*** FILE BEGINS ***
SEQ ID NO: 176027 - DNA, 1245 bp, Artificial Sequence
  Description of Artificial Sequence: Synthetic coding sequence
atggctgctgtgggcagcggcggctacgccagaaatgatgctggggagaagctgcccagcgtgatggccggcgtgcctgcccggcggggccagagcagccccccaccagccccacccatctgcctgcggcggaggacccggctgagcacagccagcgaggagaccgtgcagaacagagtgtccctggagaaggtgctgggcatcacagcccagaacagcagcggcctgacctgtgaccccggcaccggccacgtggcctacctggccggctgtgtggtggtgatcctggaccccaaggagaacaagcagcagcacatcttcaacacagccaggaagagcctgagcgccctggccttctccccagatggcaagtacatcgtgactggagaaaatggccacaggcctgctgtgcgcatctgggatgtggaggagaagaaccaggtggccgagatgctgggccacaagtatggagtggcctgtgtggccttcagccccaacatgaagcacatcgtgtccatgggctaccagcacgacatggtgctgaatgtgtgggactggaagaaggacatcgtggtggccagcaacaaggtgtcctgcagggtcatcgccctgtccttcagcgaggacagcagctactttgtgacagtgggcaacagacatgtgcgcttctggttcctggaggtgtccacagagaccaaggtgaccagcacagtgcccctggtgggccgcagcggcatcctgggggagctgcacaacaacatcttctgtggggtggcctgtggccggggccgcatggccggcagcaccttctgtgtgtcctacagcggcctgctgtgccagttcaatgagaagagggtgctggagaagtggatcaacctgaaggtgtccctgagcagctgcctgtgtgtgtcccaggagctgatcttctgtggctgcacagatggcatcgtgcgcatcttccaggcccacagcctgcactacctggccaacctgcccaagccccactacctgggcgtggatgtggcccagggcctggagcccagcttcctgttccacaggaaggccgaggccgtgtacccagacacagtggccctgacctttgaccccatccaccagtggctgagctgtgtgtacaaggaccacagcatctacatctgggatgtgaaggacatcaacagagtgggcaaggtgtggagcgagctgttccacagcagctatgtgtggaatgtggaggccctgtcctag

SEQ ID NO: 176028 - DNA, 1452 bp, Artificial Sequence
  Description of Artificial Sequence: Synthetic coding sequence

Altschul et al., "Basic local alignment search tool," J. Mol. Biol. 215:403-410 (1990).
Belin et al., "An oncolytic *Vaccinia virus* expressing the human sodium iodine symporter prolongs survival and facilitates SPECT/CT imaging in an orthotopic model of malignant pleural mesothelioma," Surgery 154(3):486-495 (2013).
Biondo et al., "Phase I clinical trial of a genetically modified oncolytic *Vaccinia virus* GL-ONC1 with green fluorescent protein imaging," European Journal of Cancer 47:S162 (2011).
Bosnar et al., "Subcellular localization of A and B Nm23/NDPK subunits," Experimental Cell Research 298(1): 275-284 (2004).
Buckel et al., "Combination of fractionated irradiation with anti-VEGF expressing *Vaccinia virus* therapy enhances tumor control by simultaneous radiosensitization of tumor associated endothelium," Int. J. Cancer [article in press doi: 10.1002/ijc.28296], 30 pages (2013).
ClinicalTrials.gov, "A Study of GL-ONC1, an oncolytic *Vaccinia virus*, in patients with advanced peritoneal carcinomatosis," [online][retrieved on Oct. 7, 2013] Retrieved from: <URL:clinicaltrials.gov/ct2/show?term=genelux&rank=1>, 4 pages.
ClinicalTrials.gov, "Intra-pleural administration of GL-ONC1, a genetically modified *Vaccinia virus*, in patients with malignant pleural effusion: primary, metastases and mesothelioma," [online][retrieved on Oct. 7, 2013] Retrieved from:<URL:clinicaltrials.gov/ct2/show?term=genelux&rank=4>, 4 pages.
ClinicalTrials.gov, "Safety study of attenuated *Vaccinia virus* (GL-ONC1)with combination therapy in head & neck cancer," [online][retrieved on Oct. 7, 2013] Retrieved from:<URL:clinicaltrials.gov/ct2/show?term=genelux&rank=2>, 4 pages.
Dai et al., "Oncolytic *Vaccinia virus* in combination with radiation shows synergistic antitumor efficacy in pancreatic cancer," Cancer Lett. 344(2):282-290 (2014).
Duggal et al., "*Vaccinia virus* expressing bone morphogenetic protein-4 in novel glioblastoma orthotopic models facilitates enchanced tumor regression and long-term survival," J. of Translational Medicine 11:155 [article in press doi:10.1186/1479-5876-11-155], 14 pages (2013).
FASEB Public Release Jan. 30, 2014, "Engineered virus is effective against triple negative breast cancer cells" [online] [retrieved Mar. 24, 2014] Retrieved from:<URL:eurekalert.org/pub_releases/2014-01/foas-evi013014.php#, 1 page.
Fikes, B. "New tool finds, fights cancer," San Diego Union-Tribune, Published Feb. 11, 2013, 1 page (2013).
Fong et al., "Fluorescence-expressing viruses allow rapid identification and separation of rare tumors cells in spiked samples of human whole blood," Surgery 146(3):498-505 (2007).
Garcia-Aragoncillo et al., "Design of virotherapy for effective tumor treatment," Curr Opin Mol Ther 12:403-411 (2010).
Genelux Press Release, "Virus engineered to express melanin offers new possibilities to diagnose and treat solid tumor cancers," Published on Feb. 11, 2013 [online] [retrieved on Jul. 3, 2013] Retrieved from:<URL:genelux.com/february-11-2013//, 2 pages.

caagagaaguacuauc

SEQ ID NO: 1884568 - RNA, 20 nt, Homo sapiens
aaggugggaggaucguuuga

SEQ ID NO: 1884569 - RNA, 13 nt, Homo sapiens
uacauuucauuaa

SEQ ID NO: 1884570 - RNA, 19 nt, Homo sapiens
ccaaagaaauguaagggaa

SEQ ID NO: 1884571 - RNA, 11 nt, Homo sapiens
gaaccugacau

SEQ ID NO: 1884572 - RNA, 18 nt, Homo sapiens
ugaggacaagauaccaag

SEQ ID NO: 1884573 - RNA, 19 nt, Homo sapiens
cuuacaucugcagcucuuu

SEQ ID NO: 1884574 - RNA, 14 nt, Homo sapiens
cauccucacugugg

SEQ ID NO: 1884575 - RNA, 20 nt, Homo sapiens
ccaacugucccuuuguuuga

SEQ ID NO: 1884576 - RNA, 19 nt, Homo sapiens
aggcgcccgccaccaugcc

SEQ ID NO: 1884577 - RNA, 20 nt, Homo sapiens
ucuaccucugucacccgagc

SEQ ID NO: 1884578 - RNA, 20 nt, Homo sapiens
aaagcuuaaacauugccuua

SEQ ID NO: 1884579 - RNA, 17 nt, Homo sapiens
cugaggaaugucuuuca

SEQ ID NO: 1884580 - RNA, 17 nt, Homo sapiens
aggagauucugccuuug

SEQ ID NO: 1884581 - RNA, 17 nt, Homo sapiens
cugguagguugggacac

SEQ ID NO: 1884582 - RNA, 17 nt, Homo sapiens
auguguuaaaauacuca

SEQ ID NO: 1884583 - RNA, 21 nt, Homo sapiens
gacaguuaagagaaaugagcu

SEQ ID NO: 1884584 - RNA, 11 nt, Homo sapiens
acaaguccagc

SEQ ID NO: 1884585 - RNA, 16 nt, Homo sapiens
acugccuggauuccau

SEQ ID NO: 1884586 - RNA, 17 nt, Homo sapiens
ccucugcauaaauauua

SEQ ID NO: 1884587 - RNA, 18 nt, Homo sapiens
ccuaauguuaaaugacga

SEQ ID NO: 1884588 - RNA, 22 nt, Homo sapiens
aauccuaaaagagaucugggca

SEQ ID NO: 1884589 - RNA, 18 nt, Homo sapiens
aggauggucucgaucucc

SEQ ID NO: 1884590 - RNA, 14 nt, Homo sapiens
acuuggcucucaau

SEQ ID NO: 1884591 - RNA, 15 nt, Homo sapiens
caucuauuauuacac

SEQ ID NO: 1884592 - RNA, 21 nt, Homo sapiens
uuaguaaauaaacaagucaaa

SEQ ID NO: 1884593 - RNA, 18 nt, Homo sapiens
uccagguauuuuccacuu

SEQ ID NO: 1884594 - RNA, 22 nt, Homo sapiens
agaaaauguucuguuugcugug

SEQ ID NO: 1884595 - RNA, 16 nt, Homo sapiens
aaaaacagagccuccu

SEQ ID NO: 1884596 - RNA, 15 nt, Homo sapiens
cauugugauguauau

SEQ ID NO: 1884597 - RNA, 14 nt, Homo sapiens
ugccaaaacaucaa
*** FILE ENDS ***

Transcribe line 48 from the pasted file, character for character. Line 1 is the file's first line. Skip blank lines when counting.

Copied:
SEQ ID NO: 1884581 - RNA, 17 nt, Homo sapiens